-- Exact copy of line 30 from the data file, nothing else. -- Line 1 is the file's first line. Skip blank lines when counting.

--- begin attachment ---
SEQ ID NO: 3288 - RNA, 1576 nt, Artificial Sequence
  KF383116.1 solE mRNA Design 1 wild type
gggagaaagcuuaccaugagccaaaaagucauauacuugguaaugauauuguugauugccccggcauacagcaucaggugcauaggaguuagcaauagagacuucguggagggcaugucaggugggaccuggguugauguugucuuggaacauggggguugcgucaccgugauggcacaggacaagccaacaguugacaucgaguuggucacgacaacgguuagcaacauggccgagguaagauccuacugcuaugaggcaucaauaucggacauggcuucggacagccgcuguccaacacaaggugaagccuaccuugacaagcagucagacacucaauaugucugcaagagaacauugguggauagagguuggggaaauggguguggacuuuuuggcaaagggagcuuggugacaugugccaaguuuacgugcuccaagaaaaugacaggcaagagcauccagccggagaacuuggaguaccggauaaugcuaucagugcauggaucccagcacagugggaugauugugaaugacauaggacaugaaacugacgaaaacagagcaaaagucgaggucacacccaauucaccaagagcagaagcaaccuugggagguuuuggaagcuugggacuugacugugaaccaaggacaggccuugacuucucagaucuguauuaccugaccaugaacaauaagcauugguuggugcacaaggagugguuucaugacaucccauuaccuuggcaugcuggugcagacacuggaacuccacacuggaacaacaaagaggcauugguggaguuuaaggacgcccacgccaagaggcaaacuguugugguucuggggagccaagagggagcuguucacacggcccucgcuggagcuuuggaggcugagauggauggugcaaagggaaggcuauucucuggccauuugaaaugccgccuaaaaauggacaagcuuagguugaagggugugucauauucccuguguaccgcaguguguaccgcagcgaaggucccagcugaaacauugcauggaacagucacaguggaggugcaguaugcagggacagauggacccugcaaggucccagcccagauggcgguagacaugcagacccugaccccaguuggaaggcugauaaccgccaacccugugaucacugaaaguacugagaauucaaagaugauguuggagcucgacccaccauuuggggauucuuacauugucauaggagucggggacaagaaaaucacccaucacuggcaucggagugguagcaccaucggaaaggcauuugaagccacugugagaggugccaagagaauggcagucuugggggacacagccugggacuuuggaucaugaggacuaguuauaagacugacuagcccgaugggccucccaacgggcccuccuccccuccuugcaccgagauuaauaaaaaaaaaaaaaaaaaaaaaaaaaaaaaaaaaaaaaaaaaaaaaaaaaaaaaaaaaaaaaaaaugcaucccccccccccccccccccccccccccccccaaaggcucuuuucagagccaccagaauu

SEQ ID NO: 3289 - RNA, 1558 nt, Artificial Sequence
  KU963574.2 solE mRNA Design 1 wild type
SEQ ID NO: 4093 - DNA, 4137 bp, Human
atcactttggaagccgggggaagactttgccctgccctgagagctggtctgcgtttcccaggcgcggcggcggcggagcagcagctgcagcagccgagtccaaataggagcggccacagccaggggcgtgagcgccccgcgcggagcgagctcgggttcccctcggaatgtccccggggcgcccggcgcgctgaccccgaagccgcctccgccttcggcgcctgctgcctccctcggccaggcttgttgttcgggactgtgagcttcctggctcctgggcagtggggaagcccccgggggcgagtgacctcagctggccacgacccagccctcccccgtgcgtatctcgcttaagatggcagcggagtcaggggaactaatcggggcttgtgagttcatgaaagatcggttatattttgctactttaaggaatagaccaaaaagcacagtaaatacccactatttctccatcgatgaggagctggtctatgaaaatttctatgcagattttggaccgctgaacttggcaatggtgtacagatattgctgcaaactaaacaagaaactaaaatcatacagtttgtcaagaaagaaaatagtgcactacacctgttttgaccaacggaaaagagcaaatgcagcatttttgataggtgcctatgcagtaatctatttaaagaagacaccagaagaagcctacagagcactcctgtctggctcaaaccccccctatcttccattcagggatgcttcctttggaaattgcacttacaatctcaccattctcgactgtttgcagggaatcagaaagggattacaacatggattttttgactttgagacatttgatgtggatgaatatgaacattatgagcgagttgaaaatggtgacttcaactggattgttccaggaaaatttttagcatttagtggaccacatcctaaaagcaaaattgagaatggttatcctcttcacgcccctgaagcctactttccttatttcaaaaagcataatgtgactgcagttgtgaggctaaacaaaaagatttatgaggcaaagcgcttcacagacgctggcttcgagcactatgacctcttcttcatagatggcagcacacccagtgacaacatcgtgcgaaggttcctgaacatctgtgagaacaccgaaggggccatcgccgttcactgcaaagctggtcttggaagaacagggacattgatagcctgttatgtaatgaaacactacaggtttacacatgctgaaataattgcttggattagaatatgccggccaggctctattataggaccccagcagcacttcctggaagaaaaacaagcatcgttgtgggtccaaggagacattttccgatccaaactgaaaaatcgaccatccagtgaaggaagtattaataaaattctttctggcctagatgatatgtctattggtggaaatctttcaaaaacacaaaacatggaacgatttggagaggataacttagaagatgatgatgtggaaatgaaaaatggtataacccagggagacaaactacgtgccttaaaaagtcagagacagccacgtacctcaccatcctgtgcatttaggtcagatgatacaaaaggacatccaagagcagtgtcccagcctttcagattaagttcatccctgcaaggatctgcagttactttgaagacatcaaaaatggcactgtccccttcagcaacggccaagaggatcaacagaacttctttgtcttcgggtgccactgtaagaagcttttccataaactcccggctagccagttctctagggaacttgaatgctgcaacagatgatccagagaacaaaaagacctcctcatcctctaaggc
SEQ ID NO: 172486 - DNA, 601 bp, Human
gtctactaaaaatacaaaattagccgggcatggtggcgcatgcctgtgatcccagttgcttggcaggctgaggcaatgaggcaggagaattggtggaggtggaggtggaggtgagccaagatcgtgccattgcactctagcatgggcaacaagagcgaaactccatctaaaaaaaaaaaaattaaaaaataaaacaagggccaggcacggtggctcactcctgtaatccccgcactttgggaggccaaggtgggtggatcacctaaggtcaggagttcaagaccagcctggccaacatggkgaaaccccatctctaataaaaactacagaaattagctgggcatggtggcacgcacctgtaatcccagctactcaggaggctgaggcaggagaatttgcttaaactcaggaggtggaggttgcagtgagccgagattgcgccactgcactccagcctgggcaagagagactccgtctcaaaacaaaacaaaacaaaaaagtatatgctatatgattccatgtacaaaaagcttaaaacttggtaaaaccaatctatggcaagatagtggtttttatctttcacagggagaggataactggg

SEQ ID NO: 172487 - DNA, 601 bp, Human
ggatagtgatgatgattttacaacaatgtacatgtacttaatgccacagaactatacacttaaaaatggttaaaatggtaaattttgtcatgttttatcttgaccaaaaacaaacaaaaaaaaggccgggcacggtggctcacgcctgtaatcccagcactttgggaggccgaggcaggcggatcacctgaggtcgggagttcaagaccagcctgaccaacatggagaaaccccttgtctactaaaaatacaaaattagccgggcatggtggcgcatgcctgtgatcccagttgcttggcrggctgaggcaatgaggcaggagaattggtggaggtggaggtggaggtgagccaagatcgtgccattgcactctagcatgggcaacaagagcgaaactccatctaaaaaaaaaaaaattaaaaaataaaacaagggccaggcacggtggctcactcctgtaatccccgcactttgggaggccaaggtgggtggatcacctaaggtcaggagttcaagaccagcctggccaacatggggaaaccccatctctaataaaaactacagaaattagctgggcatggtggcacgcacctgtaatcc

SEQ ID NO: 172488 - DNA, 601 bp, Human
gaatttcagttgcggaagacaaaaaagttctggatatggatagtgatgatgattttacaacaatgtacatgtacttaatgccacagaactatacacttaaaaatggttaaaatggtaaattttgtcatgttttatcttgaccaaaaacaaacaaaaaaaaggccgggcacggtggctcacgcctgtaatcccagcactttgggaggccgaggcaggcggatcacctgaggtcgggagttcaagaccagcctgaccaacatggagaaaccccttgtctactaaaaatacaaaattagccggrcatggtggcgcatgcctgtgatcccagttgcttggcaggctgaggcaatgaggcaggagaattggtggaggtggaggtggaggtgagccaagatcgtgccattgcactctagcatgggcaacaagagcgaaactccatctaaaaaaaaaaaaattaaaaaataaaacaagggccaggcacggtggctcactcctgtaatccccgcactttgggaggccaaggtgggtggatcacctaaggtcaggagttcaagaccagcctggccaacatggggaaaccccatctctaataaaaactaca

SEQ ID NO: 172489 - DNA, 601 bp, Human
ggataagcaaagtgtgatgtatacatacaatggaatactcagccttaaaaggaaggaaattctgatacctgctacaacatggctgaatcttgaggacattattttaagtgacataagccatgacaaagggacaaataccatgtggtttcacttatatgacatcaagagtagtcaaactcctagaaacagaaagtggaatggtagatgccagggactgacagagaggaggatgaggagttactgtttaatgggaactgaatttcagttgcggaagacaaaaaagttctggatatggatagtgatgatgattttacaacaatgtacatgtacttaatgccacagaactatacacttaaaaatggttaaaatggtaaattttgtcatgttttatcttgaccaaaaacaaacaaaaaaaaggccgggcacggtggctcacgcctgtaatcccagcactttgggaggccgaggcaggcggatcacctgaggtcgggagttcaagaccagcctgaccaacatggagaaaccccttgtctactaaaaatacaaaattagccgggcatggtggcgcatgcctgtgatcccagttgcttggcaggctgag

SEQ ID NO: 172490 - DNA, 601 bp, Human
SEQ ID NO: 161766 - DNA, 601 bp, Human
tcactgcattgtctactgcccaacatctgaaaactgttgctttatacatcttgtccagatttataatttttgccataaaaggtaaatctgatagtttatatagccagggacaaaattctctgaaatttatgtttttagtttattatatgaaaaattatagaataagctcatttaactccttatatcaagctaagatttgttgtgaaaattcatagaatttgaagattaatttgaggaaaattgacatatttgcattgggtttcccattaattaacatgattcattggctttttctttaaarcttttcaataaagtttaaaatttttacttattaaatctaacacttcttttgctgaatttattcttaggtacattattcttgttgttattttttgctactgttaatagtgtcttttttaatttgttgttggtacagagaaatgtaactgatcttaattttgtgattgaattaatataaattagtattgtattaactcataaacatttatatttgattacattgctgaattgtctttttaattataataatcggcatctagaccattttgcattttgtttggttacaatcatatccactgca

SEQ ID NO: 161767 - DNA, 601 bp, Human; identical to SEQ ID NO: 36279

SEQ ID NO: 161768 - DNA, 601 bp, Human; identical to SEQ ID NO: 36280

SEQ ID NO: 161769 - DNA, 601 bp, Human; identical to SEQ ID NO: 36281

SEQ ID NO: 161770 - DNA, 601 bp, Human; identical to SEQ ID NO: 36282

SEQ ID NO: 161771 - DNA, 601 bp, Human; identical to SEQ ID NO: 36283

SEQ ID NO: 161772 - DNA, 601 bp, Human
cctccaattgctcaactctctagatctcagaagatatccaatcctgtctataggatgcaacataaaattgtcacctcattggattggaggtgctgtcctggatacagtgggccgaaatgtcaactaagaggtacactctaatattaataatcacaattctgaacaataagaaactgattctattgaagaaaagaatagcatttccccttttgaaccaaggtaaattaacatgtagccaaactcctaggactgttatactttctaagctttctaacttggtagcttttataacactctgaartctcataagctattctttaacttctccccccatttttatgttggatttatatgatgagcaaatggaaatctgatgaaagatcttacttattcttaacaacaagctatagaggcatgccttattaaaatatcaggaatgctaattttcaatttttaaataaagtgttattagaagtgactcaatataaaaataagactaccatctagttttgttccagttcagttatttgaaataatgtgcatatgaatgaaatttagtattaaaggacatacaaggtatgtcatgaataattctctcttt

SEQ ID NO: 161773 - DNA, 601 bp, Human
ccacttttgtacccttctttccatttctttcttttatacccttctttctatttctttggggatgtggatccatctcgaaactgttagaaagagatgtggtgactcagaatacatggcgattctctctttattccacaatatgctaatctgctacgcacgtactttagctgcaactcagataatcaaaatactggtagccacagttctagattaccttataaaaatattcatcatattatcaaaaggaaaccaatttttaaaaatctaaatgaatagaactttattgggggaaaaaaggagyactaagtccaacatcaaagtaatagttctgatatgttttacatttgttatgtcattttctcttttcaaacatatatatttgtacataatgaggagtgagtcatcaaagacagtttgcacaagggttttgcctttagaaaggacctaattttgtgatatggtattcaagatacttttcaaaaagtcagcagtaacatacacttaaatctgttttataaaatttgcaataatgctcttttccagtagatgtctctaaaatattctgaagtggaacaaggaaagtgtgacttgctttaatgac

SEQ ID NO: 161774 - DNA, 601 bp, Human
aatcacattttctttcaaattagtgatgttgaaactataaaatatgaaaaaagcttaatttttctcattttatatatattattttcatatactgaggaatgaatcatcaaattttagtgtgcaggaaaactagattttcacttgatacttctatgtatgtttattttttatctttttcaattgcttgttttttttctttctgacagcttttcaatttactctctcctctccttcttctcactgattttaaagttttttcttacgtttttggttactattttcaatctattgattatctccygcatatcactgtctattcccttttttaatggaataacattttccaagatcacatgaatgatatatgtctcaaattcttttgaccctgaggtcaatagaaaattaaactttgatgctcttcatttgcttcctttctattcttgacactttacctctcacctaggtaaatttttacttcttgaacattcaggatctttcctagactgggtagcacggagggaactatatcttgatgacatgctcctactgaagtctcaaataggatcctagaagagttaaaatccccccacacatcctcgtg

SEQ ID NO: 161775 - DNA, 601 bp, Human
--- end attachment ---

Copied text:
SEQ ID NO: 161775 - DNA, 601 bp, Human